No, I'm playing YOU
OK, so now that you know what to look for, here's the fun part: Learning how to play THEM.
Put the ball in their court. If they give you a bad report or misleading information, give them an opportunity to correct the mistake, maybe even smile a bit. If they don't — that's telling. Behavior is consistent over time. It's better to find out what kind of person you are dealing with early in the relationship.
Read MoreThese big hedge-funders are also losing big
Give him enough rope to hang himself with. If you suspect someone is stealing from you or acting shady then put them to the test. Leave a $100 bill on your desk and go for a walk. Say to a trader, "In your hands; do your best." Almost beg them to steal from you, dangle future business in front of him or her. Make sure they know the cost of stealing $25,000 and the effect of the future. It's not worth it. He or she won't know what to do, they'll start to stutter, twitch and sweat.
Hide in the weeds. If revenge is your cup of tea, don't try to get even right away, it'll never work. Be patient — and don't get angry. No one remembers stealing from you, but they remember making you angry. Stay cool. Watch and observe. Then, you'll know the best way to seek retribution.
Keep a mental list. You should have a list of good guys and bad guys. It will come in handy down the road.
If you do this over time, two things will happen: You'll know who NOT to do business with and you'll increase the number of mutually beneficial relationships you have. Some people actually do much better when you say, "In your hands; do your best." And these are the people you want to keep close.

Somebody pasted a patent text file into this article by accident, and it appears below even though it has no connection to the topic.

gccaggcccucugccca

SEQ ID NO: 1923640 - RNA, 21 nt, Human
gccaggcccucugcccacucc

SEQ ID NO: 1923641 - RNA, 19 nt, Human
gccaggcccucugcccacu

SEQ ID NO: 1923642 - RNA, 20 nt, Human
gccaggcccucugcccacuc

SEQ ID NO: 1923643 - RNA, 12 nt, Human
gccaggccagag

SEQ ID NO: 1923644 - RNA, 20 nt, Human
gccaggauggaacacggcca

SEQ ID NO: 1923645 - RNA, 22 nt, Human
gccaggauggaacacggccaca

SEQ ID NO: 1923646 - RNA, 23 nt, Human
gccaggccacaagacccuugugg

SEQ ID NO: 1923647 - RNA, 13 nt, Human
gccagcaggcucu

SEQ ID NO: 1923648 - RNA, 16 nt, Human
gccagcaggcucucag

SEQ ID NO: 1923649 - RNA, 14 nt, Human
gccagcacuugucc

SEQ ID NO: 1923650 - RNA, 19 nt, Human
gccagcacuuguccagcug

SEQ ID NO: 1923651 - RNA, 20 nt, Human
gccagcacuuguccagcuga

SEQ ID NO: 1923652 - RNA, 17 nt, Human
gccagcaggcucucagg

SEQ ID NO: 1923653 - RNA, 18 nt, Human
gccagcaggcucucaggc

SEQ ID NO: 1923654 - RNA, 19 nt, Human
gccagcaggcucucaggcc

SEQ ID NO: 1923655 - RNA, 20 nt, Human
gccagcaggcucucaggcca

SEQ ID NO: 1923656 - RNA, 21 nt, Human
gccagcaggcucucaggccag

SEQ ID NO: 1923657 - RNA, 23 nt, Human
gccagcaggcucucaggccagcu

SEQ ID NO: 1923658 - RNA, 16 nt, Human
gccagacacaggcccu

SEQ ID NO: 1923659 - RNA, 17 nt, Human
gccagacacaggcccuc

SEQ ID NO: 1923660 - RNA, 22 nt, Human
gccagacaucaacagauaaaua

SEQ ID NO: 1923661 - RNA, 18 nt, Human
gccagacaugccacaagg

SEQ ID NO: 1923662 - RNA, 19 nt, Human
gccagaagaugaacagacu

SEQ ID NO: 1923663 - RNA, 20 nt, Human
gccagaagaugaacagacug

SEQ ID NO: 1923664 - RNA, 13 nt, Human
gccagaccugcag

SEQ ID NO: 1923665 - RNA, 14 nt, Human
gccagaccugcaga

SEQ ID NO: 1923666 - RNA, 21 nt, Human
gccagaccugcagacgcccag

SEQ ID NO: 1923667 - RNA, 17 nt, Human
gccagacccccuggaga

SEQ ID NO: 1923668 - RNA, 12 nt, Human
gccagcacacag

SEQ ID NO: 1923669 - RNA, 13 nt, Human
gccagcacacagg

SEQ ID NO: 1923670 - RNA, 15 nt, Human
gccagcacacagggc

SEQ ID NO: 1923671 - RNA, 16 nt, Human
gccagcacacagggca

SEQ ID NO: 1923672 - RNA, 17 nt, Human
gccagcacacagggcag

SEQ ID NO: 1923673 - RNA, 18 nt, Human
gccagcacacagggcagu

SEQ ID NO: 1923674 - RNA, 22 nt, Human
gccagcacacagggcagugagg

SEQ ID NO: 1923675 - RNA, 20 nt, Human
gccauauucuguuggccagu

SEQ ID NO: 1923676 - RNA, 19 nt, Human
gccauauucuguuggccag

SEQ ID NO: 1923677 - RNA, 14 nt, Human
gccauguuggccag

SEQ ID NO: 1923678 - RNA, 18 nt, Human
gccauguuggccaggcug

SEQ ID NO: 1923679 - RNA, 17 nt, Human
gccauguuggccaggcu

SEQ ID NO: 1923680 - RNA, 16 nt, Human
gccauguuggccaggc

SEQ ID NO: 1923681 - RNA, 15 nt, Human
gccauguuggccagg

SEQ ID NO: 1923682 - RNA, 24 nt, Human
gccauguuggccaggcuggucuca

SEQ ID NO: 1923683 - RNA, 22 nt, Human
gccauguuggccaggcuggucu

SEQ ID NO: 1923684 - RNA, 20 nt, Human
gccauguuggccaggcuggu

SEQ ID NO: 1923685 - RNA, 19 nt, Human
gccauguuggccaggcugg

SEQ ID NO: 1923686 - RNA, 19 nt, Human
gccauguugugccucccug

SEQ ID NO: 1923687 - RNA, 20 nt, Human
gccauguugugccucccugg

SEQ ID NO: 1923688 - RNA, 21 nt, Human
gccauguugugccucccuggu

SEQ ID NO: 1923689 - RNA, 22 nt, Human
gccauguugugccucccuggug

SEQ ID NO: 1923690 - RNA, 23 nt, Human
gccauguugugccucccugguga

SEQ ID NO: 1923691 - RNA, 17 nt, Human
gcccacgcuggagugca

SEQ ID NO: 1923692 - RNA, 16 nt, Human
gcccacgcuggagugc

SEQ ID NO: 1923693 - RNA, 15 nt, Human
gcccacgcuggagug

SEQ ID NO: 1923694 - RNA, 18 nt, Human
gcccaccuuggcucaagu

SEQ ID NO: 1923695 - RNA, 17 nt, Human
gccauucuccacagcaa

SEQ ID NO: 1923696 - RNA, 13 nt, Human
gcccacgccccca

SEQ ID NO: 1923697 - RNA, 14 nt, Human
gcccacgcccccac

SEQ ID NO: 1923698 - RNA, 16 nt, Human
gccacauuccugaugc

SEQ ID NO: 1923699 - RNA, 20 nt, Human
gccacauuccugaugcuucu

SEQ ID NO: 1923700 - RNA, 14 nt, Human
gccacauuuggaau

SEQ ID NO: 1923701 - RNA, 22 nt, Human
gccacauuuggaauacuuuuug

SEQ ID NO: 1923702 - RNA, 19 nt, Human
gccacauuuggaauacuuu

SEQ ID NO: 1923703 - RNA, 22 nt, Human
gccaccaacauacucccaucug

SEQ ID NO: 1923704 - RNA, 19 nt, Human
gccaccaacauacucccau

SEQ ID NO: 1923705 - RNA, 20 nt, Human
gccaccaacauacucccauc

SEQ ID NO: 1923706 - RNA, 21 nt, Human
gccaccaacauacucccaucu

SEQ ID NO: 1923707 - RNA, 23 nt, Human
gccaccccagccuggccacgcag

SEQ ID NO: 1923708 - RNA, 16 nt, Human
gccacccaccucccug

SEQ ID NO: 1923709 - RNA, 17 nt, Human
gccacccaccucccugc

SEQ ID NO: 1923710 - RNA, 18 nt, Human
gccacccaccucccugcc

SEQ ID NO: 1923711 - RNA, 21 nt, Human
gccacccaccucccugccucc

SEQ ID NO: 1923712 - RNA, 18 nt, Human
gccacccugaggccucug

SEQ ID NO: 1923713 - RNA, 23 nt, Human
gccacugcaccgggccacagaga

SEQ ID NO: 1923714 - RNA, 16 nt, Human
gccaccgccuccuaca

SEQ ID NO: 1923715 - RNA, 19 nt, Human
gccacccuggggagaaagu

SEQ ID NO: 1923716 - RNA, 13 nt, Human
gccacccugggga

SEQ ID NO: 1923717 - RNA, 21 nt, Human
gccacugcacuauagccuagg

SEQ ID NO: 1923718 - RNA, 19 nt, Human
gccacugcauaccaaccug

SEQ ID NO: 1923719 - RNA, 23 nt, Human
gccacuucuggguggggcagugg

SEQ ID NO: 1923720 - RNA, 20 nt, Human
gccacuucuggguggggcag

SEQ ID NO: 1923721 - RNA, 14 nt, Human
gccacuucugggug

Read MoreHow a trader knows when to strike: Turney Duff
It was the last trading day of 2002. I gave one of my sales traders 10 buy orders to be executed in the last 10 minutes of the trading year. It's a common trick to mark up a portfolio at year end to increase your returns by getting paid more on the inflated performance. I gave her my orders with about 30 minutes left in the trading day but with specific instructions to not start buying until the last 10 minutes. I wanted to juice the price of some of the stocks we already owned. But a few minutes after I gave her the orders, I noticed they all started to move up. ALL TEN. I knew that she had leaked my orders to another one of her clients. If someone bought the stocks in front of me, they could reap the benefit of me moving the stocks higher and then turn around and sell them to me on the closing bell with no time to push the stocks as high as I wanted them to go.
I was livid.
But I didn't say anything. Nor did I accuse her of leaking my orders. I just said "thank you," and told her to have a wonderful New Year's.
For the whole next year, I kept her on a tight leash. I never fully trusted her again and probably did about half the amount of commissions as I'd done the year before.
So on the last trading day of 2003, I gave her 10 orders — all shorts. There were 30 minutes left in the day and I gave her instructions to not execute until 10 minutes before the close. "I mean it!," I said. "Do not start until 3:50pm."
"I got it," she said.
As I'm watching the stocks, they all start to trade lower. I know she leaked my orders AGAIN. As soon as the clock struck 3:49pm, I called her and canceled all of my orders — they were fake. I could hear her choking.
Then, I got on the phone and called another broker and gave him my real orders — same ten stocks, but they were actually BUYS. The stocks ripped higher and higher.She leaked the wrong orders. Her client was losing lots of money. I was giggling.
Think you're going to play me? I'll play you — HARDER.